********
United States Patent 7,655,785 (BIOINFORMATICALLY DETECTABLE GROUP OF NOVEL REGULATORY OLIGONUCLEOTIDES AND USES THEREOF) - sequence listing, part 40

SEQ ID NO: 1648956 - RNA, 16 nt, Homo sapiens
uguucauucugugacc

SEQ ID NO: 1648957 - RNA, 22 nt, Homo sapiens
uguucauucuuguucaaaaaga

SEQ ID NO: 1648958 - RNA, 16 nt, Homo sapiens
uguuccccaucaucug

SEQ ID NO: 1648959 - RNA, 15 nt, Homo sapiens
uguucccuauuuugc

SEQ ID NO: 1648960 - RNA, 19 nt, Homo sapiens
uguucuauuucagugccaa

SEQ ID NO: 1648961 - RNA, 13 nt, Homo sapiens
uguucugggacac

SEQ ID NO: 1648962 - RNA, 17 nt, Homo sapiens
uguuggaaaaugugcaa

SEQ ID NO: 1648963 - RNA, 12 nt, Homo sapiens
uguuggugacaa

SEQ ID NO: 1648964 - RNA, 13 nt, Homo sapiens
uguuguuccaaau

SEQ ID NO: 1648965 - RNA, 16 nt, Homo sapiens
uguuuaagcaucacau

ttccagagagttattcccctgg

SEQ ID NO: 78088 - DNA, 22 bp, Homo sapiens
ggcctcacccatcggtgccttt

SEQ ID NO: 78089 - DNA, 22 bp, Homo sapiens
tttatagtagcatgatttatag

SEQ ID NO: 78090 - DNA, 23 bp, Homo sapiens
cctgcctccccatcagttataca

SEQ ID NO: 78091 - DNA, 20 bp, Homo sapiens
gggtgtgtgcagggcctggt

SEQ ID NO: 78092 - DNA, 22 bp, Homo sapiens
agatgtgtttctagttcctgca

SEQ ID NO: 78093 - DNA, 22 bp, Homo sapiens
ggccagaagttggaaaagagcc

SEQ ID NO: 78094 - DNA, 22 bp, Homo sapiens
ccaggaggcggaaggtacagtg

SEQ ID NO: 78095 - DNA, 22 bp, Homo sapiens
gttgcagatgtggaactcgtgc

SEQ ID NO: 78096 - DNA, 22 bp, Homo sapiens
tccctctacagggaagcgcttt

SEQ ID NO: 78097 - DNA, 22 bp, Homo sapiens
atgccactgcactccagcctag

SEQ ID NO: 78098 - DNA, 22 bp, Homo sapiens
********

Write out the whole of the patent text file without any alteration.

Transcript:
United States Patent 7,655,785 (BIOINFORMATICALLY DETECTABLE GROUP OF NOVEL REGULATORY OLIGONUCLEOTIDES AND USES THEREOF) - sequence listing, part 40

SEQ ID NO: 1648956 - RNA, 16 nt, Homo sapiens
uguucauucugugacc

SEQ ID NO: 1648957 - RNA, 22 nt, Homo sapiens
uguucauucuuguucaaaaaga

SEQ ID NO: 1648958 - RNA, 16 nt, Homo sapiens
uguuccccaucaucug

SEQ ID NO: 1648959 - RNA, 15 nt, Homo sapiens
uguucccuauuuugc

SEQ ID NO: 1648960 - RNA, 19 nt, Homo sapiens
uguucuauuucagugccaa

SEQ ID NO: 1648961 - RNA, 13 nt, Homo sapiens
uguucugggacac

SEQ ID NO: 1648962 - RNA, 17 nt, Homo sapiens
uguuggaaaaugugcaa

SEQ ID NO: 1648963 - RNA, 12 nt, Homo sapiens
uguuggugacaa

SEQ ID NO: 1648964 - RNA, 13 nt, Homo sapiens
uguuguuccaaau

SEQ ID NO: 1648965 - RNA, 16 nt, Homo sapiens
uguuuaagcaucacau

ttccagagagttattcccctgg

SEQ ID NO: 78088 - DNA, 22 bp, Homo sapiens
ggcctcacccatcggtgccttt

SEQ ID NO: 78089 - DNA, 22 bp, Homo sapiens
tttatagtagcatgatttatag

SEQ ID NO: 78090 - DNA, 23 bp, Homo sapiens
cctgcctccccatcagttataca

SEQ ID NO: 78091 - DNA, 20 bp, Homo sapiens
gggtgtgtgcagggcctggt

SEQ ID NO: 78092 - DNA, 22 bp, Homo sapiens
agatgtgtttctagttcctgca

SEQ ID NO: 78093 - DNA, 22 bp, Homo sapiens
ggccagaagttggaaaagagcc

SEQ ID NO: 78094 - DNA, 22 bp, Homo sapiens
ccaggaggcggaaggtacagtg

SEQ ID NO: 78095 - DNA, 22 bp, Homo sapiens
gttgcagatgtggaactcgtgc

SEQ ID NO: 78096 - DNA, 22 bp, Homo sapiens
tccctctacagggaagcgcttt

SEQ ID NO: 78097 - DNA, 22 bp, Homo sapiens
atgccactgcactccagcctag

SEQ ID NO: 78098 - DNA, 22 bp, Homo sapiens